Double-click to start typing
Double-click to start typing
Double-click to start typing
Double-click to start typing
Double-click to start typing
Double-click to start typing
Double-click to start typing
Double-click to start typing
Double-click to start typing
Double-click to start typing

Joyce Putnam Eblen
Author, Speaker, Humorist

Subtitle

Blog

Another Sign of the Coming Apocalypse

Posted on February 9, 2017 at 2:05 PM

WARNING:  This product contains satire.  Discontinue reading if it causes you to break out in hives or go into apoplectic fits.

     Another hallowed and age-old tradition has fallen to the rising tide of post-modern trendiness.  I should have seen this coming when the Ringling Brothers circus retired its elephants.  However, I was caught up in what I thought were far weightier matters such as the Cubs winning the World Series, the November elections, and Mariah Carey's New Year's Eve performance (or non-performance, as the case may be).  How could I have been so blind?  Why didn't I see the warning signs?

     Cats will now be part of the Westminster Dog Show.  After years of being relegated to their own cat shows, they have now been granted a place at the Meet the Breed event.  Admittedly, this is a very small beginning--quite literally, just a bone thrown to them from under the table.  Nevertheless, it is a significant start.  

     I had known, of course, that our country, and indeed the entire world, has long been deeply divided between dog owners and cat owners.  In my own small way, I have tried to bridge that chasm.  At one time, I owned pets of both persuasions.  I did not stand alone.  Some of my best friends also joined the movement, housing and feeding both types of animals.  It wasn't easy, but we thought we were making a difference.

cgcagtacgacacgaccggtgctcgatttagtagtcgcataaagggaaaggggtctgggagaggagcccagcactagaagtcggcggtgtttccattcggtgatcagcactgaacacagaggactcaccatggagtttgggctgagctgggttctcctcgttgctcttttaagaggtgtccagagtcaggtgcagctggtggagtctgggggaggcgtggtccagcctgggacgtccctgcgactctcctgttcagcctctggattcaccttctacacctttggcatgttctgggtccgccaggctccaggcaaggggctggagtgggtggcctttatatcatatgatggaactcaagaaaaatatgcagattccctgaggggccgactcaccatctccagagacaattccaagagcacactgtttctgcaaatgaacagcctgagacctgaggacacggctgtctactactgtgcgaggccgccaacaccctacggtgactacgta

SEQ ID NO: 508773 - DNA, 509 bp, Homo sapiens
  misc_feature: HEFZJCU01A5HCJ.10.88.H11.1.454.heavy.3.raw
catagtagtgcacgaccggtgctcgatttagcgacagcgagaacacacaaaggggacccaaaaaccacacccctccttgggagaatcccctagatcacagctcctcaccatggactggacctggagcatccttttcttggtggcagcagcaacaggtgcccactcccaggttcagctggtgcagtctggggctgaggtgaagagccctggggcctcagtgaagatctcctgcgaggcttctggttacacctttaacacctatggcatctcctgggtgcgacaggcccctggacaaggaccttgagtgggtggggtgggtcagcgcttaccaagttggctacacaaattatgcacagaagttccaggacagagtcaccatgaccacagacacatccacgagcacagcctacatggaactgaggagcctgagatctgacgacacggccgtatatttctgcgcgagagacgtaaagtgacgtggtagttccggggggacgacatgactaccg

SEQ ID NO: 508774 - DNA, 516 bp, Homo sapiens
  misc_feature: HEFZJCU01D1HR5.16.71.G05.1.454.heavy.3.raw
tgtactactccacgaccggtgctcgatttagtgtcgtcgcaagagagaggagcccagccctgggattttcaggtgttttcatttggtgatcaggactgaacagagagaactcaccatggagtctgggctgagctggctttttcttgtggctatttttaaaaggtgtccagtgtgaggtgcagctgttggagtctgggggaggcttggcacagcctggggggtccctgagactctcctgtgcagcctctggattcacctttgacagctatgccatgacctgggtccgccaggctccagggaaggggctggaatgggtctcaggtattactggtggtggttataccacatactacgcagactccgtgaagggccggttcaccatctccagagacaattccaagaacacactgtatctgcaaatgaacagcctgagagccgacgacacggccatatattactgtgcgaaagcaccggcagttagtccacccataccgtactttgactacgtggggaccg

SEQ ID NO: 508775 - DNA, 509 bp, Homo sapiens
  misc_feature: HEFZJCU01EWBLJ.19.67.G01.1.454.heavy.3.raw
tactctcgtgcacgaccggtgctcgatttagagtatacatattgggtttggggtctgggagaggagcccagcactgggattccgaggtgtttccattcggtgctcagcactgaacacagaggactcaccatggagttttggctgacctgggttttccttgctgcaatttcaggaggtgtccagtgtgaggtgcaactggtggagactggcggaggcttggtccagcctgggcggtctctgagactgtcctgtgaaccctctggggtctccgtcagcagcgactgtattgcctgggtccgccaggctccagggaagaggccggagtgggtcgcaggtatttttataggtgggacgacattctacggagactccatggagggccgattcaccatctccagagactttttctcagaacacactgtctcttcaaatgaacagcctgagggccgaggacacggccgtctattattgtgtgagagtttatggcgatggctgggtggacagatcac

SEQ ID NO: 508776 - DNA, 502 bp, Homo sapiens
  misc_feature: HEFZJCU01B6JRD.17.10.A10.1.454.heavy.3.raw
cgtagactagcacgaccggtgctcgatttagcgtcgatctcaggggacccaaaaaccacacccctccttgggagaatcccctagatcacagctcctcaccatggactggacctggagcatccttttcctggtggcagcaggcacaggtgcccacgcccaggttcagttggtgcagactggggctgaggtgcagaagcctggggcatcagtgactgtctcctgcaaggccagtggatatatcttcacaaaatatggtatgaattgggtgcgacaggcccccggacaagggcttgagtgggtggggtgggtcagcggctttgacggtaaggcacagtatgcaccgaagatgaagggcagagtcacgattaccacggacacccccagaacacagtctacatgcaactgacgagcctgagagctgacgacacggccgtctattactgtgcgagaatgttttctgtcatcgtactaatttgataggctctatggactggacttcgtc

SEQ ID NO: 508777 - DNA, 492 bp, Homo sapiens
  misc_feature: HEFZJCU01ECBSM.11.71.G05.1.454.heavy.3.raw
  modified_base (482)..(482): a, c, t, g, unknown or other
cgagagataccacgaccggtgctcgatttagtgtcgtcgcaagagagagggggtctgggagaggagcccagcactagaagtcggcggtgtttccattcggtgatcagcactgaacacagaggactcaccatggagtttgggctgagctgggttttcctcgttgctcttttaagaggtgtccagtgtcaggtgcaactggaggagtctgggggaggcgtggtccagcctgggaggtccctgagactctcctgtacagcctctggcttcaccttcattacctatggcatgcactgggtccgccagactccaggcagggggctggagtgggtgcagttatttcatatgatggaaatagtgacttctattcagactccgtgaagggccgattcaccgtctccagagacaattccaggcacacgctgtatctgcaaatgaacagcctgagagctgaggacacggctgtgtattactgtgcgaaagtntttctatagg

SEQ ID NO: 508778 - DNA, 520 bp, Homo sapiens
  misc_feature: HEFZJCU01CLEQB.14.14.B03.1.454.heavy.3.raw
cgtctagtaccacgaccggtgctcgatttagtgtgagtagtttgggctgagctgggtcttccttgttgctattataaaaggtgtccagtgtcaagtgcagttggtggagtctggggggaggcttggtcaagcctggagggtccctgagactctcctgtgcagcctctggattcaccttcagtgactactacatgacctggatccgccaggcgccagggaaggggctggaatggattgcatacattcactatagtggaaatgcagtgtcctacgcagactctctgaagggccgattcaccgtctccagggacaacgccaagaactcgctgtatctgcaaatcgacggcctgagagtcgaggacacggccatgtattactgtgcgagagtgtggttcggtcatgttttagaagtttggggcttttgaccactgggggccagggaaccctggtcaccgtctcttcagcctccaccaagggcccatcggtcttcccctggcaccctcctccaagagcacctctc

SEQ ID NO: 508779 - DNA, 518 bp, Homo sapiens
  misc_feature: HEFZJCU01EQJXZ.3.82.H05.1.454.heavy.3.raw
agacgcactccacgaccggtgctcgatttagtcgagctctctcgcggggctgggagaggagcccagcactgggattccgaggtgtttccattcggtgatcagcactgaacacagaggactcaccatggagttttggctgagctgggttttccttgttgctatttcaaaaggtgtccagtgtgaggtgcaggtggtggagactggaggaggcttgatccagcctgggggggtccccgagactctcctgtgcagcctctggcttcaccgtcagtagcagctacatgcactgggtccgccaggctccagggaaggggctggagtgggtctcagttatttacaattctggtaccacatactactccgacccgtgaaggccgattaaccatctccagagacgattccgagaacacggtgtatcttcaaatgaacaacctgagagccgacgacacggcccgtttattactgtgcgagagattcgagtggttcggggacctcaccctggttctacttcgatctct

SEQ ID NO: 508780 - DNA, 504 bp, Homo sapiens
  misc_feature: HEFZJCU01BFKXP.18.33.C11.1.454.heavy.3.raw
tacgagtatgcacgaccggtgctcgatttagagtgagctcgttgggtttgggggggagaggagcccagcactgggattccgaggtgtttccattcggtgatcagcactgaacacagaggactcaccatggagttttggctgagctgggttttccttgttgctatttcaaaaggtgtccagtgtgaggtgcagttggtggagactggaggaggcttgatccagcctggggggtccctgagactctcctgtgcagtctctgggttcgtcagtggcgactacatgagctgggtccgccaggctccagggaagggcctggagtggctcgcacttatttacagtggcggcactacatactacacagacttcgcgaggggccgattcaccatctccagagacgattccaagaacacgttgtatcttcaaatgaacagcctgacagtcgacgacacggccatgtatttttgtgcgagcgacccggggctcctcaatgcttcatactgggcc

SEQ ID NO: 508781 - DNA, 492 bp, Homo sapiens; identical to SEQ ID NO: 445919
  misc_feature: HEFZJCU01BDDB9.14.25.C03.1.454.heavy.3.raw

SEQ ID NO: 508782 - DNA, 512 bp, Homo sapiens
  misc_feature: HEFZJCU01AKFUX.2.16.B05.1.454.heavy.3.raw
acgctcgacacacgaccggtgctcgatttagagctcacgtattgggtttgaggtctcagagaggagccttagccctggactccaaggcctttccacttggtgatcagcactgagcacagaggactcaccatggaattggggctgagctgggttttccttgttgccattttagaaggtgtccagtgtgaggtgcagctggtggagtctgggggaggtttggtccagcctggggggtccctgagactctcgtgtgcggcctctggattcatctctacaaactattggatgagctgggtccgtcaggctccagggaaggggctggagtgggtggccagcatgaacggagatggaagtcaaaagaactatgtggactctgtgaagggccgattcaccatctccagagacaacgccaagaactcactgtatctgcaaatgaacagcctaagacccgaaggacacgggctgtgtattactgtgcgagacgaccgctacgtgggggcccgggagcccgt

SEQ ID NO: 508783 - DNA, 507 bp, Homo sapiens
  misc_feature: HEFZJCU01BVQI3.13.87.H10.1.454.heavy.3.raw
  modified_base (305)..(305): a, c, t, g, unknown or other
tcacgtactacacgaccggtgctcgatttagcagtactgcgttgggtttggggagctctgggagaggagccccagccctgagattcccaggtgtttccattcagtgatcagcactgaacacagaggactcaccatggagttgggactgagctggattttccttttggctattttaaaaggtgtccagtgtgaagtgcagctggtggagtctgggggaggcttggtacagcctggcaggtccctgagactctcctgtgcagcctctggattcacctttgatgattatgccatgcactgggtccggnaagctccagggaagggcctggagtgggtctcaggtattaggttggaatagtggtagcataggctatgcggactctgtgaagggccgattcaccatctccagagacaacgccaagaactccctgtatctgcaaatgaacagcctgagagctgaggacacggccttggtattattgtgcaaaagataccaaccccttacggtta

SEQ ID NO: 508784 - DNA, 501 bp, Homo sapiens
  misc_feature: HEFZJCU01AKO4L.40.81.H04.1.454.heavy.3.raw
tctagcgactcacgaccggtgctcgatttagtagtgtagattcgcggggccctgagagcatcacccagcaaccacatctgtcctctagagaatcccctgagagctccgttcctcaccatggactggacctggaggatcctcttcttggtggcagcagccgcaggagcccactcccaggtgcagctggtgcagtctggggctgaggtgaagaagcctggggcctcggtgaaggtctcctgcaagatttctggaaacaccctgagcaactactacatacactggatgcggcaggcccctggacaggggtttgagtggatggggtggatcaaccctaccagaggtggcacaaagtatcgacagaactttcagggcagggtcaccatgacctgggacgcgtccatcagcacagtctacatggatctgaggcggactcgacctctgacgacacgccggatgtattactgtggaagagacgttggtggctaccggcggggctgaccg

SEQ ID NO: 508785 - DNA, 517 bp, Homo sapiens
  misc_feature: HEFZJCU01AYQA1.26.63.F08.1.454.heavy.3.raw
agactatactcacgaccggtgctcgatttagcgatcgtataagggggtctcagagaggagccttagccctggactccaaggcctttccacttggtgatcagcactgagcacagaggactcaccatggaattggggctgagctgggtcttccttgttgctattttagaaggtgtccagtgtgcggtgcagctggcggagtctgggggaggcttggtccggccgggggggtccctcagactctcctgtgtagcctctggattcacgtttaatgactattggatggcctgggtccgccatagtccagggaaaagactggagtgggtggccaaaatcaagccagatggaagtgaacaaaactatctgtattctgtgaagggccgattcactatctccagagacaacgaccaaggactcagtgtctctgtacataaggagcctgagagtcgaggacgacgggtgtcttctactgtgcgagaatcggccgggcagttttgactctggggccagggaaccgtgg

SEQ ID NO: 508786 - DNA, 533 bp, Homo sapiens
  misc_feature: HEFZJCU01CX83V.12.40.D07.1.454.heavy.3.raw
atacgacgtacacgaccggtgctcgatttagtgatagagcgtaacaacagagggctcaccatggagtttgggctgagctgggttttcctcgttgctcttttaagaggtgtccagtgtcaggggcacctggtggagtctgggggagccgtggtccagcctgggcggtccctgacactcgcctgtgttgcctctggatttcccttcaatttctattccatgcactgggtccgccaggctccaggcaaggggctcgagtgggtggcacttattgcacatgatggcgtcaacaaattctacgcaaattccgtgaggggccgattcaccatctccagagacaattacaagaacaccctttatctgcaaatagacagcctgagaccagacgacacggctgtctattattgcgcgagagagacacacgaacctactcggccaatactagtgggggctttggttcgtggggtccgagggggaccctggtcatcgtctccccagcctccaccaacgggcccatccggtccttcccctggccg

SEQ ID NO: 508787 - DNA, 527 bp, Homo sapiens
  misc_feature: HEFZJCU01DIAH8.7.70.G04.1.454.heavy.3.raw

The dogs seemed content enough with their daily walks and regular meals.  But our cat always had a vague air of discontent about her.  That may have been because she was outnumbered.   We had two dogs and only one cat, so she felt marginalized from the very beginning.  The dogs held a two to one majority and outvoted her in every major decision.

     Our cat never said anything.   Only now do I recall signs of a simmering hostility that would one day boil over into a violent rage.  We had placed her food bowl on an upper bookshelf near our computer.  That way, she could easily climb up to the bowl, but our dachshund could not.  (As you may know,  dachshunds will eat anything--whether it's theirs or not, or even whether it's food or not.)

     We thought we were helping, but our cat must have resented that we were treating her differently from the rest of society.  Anytime I sat down to work at the computer, she would begin to throw her food pellets on me.  At first I thought this was accidental, but I now realize that the only way she could express her true feelings was to shower me with cat food.  I shudder to think what she might have done if we had had guns in the house.

     There are those who suggest that the recent reports of unruly cats marching in the streets of cities throughout our land are just "fake news".  They say that the recent acts of violence done by a few cats--the clawed furniture, the overturned knick-knacks, etc.--were instigated by a small group of outside agitators, perhaps disgruntled postal workers eager to seek revenge against certain negligent dog owners on their respective mail routes.

     The evidence suggest otherwise.  Disenfranchised cats have been hidden for many years in the back alleys of our neighborhoods, lurking near fish markets, garbage dumps, and even the finest restaurants.  We have ignored them far too long.  Life on the streets without education and jobs has finally taken its toll.  Cats are rising up. Today they merely are making an appearance at Westminster's Meet the Breed event, but some day in the future, they may be actually competing in the Westminster Dog AND Cat Show!  Will we be ready?